Children under 5 years of age in Africa are much more likely to die as a direct result of poor health linked to air pollution, unsafe water, lack of sanitation, increased family size, and environmental degradation, according to the first continent-wide investigation of its kind. (2019-09-30)
Engineers produce water-saving crop irrigation sensor
Developed by the team of UConn engineers -- environmental, mechanical, and chemical -- the sensors expected to save nearly 35% of water consumption and cost far less than what exists. (2019-09-26)
UMD CONSERVE Center leading effort to advance water and food security
We're running out of water to grow food and the UMD CONSERVE Center of Excellence is leading the effort to develop and adopt solutions. (2019-09-26)
Faster than ever -- neutron tomography detects water uptake by roots
The high-speed neutron tomography developed at HZB generates a complete 3D image every 1.5 seconds and is thus seven times faster than before. (2019-09-25)
Quantum destabilization of a water sandwich
When a thin layer of water is squeezed between two hydrophobic surfaces, the laws of classical physics break down. (2019-09-24)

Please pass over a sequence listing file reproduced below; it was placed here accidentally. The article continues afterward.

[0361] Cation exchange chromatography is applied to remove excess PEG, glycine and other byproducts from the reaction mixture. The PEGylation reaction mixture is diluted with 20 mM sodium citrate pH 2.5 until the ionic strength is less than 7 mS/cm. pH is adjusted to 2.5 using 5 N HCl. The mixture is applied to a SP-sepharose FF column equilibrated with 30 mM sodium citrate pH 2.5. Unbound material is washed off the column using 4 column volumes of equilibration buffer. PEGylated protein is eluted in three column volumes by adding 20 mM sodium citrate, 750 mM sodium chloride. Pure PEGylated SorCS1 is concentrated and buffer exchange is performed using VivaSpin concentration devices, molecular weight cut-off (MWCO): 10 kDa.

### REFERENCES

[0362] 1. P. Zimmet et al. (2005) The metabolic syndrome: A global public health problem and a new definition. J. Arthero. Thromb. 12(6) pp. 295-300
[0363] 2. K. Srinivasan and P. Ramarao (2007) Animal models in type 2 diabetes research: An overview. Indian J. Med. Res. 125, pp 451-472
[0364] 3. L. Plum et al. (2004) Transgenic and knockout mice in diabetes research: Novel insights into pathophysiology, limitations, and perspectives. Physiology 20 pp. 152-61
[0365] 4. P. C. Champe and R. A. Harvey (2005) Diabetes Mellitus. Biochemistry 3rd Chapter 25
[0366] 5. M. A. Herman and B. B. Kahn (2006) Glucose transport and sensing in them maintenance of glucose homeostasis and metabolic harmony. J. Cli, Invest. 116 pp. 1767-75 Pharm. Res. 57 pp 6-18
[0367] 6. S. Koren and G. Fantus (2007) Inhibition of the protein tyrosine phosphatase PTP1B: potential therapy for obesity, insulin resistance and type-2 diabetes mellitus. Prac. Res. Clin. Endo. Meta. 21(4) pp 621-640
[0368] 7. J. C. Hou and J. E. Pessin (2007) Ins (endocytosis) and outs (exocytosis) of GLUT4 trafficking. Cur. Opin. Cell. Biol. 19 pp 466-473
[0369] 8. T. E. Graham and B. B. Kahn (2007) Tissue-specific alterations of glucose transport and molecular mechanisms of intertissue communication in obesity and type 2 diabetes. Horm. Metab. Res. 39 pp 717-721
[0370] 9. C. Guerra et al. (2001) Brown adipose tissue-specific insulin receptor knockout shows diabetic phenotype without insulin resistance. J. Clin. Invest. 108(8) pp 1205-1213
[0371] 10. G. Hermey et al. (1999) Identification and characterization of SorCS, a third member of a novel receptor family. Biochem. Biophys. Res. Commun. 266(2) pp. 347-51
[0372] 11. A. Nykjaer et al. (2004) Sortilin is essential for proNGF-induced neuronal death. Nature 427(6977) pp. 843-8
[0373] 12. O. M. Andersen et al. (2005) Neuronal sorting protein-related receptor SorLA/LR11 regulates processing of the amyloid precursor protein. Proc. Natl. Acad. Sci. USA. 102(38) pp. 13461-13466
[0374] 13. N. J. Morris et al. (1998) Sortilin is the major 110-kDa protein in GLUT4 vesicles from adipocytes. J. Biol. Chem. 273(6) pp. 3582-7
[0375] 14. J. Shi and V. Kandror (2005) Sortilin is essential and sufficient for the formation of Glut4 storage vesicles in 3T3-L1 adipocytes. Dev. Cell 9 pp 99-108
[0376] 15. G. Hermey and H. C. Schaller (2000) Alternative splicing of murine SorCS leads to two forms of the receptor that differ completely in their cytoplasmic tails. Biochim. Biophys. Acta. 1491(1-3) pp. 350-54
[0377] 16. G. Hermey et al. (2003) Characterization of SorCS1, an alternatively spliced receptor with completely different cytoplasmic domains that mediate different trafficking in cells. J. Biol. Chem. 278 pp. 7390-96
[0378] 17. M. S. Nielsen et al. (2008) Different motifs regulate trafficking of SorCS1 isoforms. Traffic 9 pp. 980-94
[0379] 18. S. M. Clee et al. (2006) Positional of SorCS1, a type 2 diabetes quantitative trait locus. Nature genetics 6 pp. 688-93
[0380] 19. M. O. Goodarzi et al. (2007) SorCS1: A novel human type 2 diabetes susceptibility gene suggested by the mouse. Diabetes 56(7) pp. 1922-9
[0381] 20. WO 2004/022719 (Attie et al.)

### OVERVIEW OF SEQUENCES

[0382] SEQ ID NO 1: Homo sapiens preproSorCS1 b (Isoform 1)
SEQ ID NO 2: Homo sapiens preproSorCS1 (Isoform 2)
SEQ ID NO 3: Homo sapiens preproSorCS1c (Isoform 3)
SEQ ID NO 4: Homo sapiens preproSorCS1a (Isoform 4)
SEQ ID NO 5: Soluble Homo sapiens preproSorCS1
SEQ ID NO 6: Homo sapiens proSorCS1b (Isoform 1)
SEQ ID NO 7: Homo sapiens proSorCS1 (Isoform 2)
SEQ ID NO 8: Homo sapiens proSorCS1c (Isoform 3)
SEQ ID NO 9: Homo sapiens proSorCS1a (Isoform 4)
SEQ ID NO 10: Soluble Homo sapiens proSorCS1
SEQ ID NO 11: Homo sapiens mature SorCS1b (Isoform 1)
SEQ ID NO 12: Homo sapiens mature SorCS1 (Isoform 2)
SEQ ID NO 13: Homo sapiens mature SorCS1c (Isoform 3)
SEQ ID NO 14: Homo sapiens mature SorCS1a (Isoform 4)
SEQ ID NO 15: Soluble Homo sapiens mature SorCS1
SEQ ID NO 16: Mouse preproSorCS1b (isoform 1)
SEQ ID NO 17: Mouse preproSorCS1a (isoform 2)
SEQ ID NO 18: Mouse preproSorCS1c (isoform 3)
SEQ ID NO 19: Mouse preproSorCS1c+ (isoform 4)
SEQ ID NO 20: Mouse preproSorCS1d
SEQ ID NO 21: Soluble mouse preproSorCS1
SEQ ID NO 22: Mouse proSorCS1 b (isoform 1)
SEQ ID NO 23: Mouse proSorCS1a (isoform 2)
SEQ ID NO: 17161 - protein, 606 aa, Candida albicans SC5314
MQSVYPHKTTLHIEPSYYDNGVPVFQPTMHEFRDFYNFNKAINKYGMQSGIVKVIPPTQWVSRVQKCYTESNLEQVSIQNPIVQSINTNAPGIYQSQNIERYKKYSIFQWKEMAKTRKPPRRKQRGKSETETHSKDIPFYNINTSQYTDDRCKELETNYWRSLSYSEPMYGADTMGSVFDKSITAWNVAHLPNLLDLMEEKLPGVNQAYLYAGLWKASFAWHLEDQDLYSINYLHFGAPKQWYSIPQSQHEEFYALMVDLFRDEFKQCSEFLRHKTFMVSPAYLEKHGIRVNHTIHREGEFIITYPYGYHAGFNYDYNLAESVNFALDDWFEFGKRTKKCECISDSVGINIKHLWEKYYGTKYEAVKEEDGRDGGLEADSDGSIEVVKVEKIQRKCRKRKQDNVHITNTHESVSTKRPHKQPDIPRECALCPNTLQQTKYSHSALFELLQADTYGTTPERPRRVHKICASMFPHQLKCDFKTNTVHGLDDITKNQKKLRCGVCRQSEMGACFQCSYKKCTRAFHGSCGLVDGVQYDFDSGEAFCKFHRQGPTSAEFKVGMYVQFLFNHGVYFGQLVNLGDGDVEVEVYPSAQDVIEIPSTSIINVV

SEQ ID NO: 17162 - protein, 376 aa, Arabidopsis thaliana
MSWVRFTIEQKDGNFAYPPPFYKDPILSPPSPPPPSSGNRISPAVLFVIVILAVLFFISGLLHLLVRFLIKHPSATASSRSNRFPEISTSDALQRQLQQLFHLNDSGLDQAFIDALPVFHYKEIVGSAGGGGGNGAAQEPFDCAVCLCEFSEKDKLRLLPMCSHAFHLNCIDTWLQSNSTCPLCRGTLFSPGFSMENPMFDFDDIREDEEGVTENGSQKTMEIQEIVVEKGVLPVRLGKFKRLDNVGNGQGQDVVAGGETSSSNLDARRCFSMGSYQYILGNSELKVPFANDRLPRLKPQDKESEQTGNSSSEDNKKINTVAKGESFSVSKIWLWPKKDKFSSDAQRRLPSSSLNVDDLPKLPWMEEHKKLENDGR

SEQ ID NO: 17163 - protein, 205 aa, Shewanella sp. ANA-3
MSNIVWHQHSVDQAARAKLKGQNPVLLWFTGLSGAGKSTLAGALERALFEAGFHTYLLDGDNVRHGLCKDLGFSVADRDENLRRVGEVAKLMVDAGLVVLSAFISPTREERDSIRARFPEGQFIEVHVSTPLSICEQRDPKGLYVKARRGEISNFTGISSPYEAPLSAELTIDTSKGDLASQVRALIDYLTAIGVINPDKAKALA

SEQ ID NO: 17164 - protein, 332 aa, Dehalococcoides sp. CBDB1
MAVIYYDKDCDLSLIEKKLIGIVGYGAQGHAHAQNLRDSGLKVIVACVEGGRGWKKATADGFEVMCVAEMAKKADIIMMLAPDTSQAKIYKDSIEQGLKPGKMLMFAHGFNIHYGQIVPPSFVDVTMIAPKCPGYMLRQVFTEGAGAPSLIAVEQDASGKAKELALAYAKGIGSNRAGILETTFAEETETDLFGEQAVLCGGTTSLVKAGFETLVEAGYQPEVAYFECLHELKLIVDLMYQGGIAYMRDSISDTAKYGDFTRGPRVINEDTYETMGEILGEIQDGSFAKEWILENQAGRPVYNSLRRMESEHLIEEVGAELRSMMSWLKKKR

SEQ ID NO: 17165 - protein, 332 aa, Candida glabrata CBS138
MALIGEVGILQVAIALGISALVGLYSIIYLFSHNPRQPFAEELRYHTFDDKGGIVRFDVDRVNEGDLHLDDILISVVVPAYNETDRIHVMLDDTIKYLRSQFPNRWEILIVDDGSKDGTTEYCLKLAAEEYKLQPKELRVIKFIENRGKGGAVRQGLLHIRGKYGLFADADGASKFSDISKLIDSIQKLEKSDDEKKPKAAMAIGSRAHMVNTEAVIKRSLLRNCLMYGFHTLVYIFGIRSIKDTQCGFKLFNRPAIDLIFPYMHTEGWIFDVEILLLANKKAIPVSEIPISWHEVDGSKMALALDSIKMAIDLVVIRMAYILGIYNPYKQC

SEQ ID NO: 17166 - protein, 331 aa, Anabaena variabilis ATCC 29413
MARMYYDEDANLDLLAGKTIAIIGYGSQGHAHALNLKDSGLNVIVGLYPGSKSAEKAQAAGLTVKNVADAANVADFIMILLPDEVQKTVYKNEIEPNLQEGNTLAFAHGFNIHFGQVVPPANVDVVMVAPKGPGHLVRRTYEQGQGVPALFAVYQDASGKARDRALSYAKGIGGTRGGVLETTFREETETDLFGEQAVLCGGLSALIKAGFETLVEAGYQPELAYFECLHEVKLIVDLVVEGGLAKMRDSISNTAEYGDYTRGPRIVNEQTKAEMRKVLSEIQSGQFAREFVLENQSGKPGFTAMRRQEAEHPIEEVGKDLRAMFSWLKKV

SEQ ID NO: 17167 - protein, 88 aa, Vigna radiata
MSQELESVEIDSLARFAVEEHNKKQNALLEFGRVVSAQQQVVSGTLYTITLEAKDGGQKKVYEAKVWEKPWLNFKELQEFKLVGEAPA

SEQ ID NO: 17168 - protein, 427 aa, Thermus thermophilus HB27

Fullerene compounds knock out virus infections
Scientists from the Skoltech Center for Energy Science and Technology and the Institute of Problems of Chemical Physics of RAS in collaboration with researchers from four other Russian and foreign research centers have discovered a new reaction that helps obtain water-soluble fullerene derivatives which effectively combat flu viruses, human immunodeficiency virus (HIV), herpes simplex virus (HSV), and cytomegalovirus (CMV). (2019-09-23)
Water may be scarce for new power plants in Asia
Climate change and over-tapped waterways could leave developing parts of Asia without enough water to cool power plants in the near future, new research indicates. (2019-09-20)
Study estimates more than 100,000 cancer cases could stem from contaminants in tap water
A toxic cocktail of chemical pollutants in US drinking water could result in more than 100,000 cancer cases, according to a peer-reviewed study from Environmental Working Group -- the first study to conduct a cumulative assessment of cancer risks due to 22 carcinogenic contaminants found in drinking water nationwide. (2019-09-19)
Smoking abstinence has little impact on the motivation for food
It's sometimes thought that smokers who can't light up are likely to reach for food in lieu of cigarettes. (2019-09-19)
Sesame yields stable in drought conditions
Research shows adding sesame to cotton-sorghum crop rotations is possible in west Texas (2019-09-18)
'Planting water' is possible -- against aridity and droughts
Together with scientists from the UK and the US, researchers from the Leibniz- Institute of Freshwater Ecology and Inland Fisheries (IGB) have developed a mathematical model that can reflect the complex interplays between vegetation, soil and water regimes. (2019-09-11)